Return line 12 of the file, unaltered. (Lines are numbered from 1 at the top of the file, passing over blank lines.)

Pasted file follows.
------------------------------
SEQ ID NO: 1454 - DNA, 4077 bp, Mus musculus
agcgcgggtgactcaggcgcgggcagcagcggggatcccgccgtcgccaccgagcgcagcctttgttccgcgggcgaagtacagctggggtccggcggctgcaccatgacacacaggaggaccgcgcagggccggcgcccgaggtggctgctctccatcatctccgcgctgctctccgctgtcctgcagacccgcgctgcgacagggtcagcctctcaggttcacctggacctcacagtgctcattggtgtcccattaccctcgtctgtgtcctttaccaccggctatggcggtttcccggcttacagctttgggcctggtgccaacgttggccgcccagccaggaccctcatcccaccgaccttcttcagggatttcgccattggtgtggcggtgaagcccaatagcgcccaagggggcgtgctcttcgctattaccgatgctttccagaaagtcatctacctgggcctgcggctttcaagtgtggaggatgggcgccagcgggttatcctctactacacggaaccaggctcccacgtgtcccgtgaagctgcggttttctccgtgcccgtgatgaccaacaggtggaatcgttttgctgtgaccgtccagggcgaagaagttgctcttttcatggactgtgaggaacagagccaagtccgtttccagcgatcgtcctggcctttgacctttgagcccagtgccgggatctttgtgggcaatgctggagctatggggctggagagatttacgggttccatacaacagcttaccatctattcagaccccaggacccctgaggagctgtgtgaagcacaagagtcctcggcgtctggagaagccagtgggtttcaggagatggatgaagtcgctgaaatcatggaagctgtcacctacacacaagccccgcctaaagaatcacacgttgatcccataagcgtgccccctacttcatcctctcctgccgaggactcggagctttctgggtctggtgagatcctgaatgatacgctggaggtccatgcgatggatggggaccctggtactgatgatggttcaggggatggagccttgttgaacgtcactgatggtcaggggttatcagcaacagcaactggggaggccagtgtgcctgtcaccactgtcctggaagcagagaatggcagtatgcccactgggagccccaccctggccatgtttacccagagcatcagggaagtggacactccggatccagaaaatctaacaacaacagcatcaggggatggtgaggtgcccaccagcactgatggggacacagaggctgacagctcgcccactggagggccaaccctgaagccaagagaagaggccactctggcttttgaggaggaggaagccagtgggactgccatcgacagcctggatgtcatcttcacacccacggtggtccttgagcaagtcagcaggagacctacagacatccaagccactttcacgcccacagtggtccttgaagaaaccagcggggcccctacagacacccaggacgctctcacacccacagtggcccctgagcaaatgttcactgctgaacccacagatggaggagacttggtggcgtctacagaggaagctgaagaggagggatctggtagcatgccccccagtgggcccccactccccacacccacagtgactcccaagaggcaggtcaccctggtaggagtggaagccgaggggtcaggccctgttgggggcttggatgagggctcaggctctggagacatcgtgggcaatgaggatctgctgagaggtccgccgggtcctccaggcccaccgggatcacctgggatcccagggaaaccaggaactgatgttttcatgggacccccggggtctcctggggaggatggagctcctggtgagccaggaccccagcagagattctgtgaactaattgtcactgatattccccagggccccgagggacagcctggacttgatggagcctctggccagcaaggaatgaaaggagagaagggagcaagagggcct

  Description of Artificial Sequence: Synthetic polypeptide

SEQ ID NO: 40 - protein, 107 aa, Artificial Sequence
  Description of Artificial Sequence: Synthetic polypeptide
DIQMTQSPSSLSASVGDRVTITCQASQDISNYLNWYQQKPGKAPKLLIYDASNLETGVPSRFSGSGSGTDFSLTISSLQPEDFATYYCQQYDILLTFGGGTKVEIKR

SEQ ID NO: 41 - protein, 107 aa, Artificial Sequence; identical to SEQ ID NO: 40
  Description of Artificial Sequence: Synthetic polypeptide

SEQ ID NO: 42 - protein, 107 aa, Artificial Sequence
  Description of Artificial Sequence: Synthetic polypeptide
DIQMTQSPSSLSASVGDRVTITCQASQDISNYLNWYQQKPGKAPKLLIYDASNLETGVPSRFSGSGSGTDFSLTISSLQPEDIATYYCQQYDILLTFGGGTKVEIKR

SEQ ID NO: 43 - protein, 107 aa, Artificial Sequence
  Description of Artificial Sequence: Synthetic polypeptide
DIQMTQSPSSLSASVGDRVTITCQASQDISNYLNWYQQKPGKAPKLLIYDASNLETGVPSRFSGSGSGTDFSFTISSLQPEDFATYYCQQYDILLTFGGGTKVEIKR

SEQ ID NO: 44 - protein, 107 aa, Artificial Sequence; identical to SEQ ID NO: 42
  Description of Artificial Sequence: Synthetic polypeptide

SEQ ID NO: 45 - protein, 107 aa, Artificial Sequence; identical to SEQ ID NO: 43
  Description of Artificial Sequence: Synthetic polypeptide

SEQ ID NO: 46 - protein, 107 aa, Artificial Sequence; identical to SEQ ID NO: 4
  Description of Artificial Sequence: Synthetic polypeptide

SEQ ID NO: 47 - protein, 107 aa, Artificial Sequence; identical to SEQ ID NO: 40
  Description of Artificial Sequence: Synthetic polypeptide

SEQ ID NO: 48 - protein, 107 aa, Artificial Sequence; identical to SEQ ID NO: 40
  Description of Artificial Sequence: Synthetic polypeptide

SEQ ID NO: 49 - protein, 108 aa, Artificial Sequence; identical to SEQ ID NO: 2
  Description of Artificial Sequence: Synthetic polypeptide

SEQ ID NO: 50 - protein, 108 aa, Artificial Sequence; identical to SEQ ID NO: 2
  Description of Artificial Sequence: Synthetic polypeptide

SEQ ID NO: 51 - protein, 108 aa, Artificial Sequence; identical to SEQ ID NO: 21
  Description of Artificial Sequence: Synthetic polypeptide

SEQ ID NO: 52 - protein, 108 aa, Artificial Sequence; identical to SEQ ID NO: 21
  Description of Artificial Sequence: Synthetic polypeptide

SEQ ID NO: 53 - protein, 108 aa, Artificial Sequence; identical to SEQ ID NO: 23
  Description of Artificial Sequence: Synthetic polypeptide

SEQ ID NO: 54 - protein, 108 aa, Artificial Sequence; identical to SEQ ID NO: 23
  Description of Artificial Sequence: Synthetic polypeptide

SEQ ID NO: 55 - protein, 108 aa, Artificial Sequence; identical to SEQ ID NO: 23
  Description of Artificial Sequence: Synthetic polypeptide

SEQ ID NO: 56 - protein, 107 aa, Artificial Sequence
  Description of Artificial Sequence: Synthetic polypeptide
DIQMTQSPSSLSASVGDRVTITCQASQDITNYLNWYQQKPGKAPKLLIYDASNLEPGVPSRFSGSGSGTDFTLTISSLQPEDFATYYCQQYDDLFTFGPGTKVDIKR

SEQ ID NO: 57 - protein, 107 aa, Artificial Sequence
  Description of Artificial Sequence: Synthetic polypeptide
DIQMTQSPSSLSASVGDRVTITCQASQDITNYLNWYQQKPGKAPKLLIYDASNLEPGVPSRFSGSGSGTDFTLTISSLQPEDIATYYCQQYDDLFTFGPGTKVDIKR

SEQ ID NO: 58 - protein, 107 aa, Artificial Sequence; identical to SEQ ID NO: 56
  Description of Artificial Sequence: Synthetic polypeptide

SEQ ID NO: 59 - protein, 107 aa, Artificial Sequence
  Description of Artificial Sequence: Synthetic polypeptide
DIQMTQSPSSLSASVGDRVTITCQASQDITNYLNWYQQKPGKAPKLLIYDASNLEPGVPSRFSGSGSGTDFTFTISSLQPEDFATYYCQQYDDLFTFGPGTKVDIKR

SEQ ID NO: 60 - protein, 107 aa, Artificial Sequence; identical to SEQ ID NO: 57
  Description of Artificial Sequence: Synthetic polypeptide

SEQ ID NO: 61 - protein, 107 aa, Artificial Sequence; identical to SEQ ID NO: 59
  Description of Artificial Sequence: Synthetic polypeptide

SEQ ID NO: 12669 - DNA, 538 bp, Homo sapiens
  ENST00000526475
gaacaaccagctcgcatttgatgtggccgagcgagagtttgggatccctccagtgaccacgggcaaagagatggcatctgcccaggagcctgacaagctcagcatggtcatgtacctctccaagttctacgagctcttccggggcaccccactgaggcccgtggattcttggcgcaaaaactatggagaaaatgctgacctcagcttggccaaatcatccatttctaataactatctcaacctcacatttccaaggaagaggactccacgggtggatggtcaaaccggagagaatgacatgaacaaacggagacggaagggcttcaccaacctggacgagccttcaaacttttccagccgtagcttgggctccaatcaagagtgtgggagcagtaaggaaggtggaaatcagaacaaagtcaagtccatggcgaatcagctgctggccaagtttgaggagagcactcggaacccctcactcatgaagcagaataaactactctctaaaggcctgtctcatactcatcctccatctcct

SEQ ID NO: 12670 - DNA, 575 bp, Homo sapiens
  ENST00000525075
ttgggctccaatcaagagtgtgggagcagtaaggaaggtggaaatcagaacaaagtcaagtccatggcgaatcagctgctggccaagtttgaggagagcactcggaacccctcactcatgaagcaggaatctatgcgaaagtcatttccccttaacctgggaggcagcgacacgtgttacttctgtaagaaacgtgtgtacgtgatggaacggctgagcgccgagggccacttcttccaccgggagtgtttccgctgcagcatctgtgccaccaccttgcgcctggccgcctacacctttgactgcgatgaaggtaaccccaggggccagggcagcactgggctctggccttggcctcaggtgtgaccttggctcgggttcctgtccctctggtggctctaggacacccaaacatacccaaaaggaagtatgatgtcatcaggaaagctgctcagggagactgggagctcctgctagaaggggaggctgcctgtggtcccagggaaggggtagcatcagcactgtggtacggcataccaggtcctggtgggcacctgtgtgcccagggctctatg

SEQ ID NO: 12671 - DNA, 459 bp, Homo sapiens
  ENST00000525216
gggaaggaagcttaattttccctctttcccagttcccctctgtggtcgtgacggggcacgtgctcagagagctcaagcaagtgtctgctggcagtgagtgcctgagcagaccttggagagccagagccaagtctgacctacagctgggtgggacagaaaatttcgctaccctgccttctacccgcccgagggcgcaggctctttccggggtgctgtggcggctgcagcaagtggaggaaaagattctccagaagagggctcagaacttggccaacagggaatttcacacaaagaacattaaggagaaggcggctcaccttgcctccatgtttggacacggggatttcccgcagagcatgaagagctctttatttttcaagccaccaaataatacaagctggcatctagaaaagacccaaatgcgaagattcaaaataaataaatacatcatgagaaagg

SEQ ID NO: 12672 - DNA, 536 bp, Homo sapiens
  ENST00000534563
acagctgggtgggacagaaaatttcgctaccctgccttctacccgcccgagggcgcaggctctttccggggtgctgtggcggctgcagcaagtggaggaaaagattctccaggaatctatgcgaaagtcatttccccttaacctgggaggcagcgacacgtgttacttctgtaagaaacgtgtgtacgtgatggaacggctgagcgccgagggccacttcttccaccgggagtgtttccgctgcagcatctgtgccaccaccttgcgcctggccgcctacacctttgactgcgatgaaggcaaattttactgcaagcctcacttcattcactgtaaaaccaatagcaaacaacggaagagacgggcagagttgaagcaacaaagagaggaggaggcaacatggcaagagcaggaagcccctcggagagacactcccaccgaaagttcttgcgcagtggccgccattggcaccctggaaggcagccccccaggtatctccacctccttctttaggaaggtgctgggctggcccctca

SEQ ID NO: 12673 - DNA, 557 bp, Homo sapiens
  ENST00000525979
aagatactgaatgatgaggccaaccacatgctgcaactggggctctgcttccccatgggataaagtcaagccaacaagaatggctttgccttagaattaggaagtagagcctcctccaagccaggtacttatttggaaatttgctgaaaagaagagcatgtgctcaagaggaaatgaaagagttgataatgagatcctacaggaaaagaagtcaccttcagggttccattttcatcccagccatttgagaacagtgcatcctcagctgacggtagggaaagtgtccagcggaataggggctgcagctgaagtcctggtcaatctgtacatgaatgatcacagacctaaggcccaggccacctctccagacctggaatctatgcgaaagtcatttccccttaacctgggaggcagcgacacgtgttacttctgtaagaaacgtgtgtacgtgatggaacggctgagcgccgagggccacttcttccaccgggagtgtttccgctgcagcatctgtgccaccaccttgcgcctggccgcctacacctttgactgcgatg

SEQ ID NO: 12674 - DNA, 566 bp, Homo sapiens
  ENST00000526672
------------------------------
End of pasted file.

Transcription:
SEQ ID NO: 43 - protein, 107 aa, Artificial Sequence